Blumenthal said that while Congress has the power to approve or not approve the president’s receipt of foreign monies, “We can’t approve what we don’t know.” He explained that the plaintiffs are merely seeking an order requiring the president to tell what foreign monies he is getting and get permission before pocketing them. (This would apply both retroactively and prospectively.)
Other Good News
A billionaire Florida healthcare mogul and Republican megadonor says he will cut off contributions to elected officials and candidates who refuse to fix immigration laws.
Mike Fernandez, long at odds with President Donald Trump over deportations, told POLITICO in a phone interview he’s behind a broadening strategy among donors to punish politicians who will not sign a discharge petition in the House that would trigger a congressional showdown over the fate of hundreds of thousands of so-called Dreamers.
While Washington wasn’t looking, democracy won a major battle over authoritarianism in Malaysia, a Muslim-majority nation that just voted out its crooked, illiberal leader and has embarked on a peaceful transition to a new era of hope.
You Are Not Alone
Politics aside, this was a difficult week. We learned that suicide rates have dramatically risen tin the united states over the last couple of decades. And we lost two prominent public figures to suicide.
If you are struggling, you are not alone and help is available. Here are some options:
Crisis Text Line: Text START to 741741 from anywhere in the USA, at any time, about any type of crisis
The National Suicide Prevention Lifeline: 1-800-273-8255
The Trevor Project: 1-866-488-7386
Outside the US:
Please reach out.
And to anyone struggling with mental illness: you are not alone. The majority of people struggle with some kind of mental illness at some point in their lives. There should be no shame in this. I struggled with depression in my youth and currently (and likely will always) struggle with anxiety. There are times when it is better, and there are times when it is worse. I have found many tools that help — therapy, friends, getting outside, meditation, exercise, writing the GNR, and medication. Sometimes I just have to wait it out.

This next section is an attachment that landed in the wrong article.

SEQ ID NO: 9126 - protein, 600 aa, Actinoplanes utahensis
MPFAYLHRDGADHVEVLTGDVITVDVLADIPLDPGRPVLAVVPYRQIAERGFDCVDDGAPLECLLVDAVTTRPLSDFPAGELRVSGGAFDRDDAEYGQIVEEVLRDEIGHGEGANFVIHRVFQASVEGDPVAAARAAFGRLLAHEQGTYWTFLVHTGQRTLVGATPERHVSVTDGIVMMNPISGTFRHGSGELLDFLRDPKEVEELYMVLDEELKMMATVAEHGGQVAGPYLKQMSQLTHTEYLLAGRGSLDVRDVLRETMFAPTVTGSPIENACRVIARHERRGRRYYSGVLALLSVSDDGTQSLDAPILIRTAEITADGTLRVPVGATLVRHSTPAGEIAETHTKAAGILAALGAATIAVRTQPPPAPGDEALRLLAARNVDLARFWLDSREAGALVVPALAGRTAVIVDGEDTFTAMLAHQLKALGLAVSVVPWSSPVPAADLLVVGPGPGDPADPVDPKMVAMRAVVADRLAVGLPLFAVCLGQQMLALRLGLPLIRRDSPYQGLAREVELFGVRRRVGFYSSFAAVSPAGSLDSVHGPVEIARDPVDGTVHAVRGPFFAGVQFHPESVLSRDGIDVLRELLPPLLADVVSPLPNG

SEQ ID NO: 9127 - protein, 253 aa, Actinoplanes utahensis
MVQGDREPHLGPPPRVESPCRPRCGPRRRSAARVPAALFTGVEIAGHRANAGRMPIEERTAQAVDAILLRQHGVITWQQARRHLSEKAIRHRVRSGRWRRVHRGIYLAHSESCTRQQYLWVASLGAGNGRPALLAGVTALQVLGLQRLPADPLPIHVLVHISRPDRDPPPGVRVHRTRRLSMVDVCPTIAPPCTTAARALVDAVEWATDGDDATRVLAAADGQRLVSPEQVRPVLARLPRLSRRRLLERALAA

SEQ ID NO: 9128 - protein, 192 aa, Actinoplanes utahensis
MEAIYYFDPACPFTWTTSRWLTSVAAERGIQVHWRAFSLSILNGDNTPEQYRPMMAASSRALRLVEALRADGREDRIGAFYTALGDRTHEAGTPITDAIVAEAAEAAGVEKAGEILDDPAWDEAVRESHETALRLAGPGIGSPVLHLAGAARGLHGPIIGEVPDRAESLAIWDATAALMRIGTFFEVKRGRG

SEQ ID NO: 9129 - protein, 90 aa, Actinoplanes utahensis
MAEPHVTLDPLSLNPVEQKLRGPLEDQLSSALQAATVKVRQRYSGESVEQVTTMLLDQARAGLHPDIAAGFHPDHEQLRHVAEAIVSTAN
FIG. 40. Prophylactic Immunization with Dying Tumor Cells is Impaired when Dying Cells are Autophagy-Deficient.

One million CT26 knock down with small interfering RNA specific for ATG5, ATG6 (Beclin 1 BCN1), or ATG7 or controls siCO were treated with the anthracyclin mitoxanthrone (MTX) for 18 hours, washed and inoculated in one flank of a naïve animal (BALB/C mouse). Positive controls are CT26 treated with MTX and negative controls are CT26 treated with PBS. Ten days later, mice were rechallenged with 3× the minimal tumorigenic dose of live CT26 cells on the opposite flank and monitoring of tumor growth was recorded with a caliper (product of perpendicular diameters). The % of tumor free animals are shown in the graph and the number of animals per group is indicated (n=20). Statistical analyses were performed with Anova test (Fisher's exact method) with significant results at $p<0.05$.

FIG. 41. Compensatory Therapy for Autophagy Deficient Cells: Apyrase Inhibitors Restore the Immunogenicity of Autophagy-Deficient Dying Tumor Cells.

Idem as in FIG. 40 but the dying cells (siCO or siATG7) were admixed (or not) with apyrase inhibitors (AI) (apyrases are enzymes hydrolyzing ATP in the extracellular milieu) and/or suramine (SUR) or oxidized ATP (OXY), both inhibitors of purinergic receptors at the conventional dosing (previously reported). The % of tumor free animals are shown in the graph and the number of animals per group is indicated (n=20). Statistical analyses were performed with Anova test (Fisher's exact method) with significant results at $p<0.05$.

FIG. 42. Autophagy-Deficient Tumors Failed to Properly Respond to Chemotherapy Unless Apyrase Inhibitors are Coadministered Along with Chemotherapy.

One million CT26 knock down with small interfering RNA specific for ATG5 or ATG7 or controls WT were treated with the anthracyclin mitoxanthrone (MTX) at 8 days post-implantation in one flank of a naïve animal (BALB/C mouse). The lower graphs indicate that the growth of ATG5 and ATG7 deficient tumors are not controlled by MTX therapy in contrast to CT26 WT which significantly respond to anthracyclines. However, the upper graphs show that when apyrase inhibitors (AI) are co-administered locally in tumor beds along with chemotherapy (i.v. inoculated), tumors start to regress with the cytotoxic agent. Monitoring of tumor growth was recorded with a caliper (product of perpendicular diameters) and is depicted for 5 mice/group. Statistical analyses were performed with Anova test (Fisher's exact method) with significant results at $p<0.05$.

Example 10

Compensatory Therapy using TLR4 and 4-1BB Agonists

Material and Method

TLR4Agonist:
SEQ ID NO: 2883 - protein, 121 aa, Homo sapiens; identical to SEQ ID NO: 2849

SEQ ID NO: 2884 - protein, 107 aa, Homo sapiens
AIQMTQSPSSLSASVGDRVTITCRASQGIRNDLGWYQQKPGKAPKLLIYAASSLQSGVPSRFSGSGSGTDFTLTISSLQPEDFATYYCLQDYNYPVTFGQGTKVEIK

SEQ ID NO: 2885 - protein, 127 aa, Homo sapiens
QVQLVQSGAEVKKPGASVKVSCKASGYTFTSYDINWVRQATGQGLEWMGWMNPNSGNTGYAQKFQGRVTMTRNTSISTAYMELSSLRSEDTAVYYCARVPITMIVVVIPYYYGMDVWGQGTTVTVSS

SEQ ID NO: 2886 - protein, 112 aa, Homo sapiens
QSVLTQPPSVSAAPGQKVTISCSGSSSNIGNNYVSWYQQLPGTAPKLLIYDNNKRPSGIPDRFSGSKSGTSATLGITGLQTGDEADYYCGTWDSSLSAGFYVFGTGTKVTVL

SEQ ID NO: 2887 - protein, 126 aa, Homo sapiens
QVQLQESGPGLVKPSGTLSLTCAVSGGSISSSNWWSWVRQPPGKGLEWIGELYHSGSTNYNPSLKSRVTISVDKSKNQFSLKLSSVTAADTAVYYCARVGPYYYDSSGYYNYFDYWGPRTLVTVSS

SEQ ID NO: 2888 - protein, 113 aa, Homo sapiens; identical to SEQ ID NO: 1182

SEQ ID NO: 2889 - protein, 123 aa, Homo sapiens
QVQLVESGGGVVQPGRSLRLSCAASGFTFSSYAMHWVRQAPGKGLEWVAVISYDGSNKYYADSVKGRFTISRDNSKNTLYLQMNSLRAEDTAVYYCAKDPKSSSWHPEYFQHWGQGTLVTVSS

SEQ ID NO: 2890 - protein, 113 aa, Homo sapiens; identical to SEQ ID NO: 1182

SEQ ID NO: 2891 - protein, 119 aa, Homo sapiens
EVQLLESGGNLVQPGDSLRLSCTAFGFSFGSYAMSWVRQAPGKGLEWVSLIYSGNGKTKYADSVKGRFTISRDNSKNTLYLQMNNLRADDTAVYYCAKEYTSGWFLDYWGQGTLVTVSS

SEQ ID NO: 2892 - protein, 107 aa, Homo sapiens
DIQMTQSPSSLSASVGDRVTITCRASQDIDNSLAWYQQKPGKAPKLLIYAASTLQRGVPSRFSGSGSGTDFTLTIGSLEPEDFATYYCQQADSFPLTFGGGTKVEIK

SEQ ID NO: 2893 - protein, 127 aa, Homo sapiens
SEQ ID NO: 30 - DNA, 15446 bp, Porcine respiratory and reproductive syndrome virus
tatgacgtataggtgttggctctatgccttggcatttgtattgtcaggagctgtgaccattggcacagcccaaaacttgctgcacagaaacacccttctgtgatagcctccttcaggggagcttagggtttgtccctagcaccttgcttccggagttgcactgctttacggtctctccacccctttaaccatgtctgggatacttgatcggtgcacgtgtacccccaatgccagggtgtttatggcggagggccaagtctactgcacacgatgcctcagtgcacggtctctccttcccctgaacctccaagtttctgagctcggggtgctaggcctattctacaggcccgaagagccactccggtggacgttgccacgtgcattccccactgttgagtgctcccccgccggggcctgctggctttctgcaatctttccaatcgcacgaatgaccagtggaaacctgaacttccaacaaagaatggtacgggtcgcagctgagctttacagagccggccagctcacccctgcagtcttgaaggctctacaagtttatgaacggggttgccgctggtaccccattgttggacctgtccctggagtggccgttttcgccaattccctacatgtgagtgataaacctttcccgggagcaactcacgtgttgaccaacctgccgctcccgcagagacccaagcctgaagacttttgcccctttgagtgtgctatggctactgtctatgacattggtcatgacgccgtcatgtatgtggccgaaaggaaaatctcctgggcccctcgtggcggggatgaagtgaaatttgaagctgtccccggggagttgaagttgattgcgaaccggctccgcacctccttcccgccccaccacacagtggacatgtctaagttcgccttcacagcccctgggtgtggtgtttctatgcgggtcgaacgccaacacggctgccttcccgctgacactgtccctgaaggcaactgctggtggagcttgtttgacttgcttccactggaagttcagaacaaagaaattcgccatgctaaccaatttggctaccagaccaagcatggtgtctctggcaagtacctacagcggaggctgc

The hardest part about struggling with mental illness is that when you are in the thick of it, the pain and darkness seem real. It doesn’t feel like your view is being clouded by mental illness but as if the world and your life really are hopeless and awful and there is no way out. When you are surrounded by the forest, it is hard to believe that the clearing is real. When you are in the dark, light seems like an illusion.
But it is real. There is great beauty and joy and peace in this life and in this world. We can’t always live in the sunshine, but we have to try to remember that the sunshine is out there. And the sunshine is in us too. And if we can keep trying and searching for ways to deal with the hard times and the sadness and anxiety, we can find a life filled with more and more light and more and more joy and more and more love.
So if you are struggling, you are not alone. If you are struggling there is help. If you are struggling, there is a clearing ahead, filled with light and love, and if you keep at it and are kind to yourself, you can make it there. And on the way there, we are all with you ❤️ You are not in the darkness alone.